I myself as a blind person, for example, could really do with a pair of eyes that are always looking where I’m looking and, at the same time, applying some significant smarts to what’s in front of me. OK, so Google Glass only has one eye – but one eye’s better than none believe me!
Chris Hofstader writes about the seemingly mis-guided politics of the National Federation of the Blind — an advocacy group which is throwing it’s weight around with lawsuits in an effort to persuade large organisations to improve accessibility. One of their more recent targets has been Apple who, ironically, do more than any of their competitors:
Last July, the National Federation of the Blind (NFB)at its summer convention proposed a resolution “condemning and deploring” Apple for the sin of not requiring that everything sold in its app store be fully accessible. The NFB proposed a second resolution that said it was “frustrated” and “disappointed” with Apple’s not including accessibility requirements for its app store. The second resolution passed. While I agree that having such a requirement would be nice, Apple has done vastly more than its operating system rivals Google, Microsoft and all flavors of GNU/Linux to promote accessibility. Also, Google and Microsoft have their own app stores with no requirements for accessibility either.
Before I launch into the politics that seem to have led to the NFB resolution, I will provide a few examples that demonstrate Apple’s overwhelming lead in providing systems accessible to people with vision impairment. Since introducing VoiceOver, the utility people with print impairments use to hear the contents of the screen spoken or sent to a refreshable braille display, Apple has sold 100 million devices that are accessible to this community. Additionally, every product in an Apple retail store that has a user interface includes VoiceOver. A blind person can go to an Apple store and try out everything they sell except the iPod Classic which hasn’t had a software revision in a really long time. I can use any Macintosh, iPhone, iPod Nano, iPod Shuffle, iPod Touch and more sold in the past few years without installing any extra software. Meanwhile, I would need to spend nearly $1000 extra to use Windows on a “standard” computer if I want to use the most popular screen access utility for that platform. Android from Google includes a screen access tool called “TalkBack” which is, in my educated opinion, years behind the out-of-the-box experience provided by Apple and the costly add-ons required by Windows.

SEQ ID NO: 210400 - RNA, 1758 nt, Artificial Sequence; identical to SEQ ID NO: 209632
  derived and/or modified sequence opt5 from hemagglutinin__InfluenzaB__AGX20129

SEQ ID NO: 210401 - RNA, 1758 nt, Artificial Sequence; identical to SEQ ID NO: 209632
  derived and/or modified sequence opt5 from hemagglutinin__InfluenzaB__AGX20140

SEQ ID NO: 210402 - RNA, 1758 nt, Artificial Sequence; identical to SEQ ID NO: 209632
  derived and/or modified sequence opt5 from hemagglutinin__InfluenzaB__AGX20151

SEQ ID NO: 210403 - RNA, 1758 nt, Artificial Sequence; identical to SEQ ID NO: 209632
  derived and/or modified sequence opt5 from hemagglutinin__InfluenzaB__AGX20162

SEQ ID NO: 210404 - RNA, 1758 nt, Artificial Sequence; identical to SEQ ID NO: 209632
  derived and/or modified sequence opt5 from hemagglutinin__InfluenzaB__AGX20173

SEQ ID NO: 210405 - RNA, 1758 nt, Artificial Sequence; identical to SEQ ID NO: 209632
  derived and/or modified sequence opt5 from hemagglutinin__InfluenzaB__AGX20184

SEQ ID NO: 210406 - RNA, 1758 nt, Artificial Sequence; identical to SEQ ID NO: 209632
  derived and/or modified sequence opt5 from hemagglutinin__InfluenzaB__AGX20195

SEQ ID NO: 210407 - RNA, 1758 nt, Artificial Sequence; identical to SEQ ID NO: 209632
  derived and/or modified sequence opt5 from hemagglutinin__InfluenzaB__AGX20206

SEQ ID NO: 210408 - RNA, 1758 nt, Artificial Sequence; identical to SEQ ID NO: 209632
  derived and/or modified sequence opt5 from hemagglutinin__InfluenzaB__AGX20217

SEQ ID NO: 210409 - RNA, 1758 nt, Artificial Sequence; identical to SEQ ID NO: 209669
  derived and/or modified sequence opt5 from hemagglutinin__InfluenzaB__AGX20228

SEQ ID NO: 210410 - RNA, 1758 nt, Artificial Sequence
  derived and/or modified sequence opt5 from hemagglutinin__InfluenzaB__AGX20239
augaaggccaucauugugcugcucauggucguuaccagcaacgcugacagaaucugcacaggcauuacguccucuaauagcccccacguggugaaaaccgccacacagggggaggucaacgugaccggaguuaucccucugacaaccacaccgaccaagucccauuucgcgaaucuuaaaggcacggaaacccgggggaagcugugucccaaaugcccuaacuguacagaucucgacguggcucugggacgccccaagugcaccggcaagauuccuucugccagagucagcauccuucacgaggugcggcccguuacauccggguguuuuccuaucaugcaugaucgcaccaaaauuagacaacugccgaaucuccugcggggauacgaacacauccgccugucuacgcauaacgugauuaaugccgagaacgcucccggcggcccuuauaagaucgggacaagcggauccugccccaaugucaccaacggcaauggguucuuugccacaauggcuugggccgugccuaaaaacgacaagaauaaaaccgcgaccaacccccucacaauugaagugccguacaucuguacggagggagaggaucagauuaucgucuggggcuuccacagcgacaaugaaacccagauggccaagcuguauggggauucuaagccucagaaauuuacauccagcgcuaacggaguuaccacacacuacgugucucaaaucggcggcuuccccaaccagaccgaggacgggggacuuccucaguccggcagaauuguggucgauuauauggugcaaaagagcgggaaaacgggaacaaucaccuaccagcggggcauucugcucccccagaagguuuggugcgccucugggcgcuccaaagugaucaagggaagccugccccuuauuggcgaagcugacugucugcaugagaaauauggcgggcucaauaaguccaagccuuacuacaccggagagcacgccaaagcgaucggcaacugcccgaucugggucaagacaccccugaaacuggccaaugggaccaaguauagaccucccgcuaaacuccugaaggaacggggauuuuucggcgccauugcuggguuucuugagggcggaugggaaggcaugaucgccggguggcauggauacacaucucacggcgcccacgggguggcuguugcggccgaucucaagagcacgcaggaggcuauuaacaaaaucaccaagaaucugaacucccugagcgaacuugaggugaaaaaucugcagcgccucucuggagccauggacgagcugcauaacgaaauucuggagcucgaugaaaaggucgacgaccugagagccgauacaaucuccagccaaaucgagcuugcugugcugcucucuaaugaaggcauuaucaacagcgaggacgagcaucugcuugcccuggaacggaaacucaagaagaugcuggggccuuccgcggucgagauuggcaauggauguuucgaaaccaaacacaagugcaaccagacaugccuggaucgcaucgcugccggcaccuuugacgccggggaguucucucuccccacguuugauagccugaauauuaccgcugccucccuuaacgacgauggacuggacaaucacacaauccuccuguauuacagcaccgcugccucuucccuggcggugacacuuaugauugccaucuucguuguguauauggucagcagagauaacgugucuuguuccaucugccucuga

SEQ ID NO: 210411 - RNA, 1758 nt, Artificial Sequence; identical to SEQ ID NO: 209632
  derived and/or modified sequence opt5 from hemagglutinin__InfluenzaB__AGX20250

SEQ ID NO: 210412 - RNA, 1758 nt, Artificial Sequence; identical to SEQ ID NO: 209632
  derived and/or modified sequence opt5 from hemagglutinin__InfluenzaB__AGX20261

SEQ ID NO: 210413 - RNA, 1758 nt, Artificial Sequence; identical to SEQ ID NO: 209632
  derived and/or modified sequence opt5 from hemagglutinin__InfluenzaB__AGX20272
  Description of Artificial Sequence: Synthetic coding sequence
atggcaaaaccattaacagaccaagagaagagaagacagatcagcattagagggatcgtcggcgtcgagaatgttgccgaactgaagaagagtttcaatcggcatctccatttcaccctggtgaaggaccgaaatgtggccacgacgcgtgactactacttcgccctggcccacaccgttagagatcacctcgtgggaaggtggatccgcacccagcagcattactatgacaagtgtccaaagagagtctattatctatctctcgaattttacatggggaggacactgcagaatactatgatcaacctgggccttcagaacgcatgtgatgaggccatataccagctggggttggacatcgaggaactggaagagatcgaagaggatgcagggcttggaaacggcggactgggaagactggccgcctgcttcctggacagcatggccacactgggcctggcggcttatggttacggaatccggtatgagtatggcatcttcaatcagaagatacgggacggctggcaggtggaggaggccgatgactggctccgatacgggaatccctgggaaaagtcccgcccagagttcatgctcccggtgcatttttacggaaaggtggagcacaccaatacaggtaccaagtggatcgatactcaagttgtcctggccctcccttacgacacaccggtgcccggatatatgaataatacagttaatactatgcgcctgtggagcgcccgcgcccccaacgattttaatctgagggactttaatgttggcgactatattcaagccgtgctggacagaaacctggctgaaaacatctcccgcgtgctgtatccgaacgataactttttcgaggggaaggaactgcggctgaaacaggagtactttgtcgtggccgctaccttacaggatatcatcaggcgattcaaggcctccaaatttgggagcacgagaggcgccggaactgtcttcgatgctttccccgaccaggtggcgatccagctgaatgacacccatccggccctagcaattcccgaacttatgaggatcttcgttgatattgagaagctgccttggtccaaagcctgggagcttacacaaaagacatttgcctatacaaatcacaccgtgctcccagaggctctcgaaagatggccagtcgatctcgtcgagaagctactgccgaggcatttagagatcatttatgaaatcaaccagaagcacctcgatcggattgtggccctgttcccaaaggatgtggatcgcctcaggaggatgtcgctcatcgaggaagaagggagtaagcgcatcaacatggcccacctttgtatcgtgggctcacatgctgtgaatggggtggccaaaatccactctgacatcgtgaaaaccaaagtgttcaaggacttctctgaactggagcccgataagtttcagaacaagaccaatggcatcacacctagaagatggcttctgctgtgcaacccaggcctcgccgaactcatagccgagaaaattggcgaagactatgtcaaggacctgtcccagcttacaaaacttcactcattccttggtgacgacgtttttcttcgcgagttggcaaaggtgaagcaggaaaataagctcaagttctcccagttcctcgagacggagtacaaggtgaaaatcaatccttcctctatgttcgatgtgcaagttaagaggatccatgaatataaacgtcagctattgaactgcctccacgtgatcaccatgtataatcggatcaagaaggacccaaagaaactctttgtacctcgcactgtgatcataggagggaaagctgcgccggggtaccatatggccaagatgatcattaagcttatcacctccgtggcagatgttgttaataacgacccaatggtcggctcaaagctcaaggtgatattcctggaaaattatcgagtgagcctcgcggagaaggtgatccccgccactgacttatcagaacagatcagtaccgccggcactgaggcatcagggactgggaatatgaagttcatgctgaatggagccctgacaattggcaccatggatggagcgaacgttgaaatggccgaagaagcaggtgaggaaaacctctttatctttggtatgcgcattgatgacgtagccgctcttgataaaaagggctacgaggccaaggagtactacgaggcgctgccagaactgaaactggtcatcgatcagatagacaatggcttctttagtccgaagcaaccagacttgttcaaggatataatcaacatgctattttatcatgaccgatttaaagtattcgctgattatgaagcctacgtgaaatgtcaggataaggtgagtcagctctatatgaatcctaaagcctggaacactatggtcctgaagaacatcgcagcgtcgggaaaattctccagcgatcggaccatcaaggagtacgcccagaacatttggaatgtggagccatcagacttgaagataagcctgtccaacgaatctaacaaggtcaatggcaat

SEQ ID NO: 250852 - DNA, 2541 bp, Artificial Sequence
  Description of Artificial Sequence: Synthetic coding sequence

This is one of the things which many people overlook with Apple’s operating system: the built-in accessibility features are years ahead of any other OS vendor, and are available out of the box. It’s a perfect example of the adaptive accessibility model I keep banging on about: a rich set of features, which are available to use by anybody, regardless of their ability. So I get quite disheartened when I read about Apple being slammed for poor accessibility.
The crux of the situation is best summed up by Chris’ comment:
While slamming Apple at their annual convention, they celebrated Google with lots of presentation slots for their Android system. As I wrote above, Android accessibility is poor at best but NFB probably got a fat contribution from Google and, as any advocate knows, money talks, accessibility walks.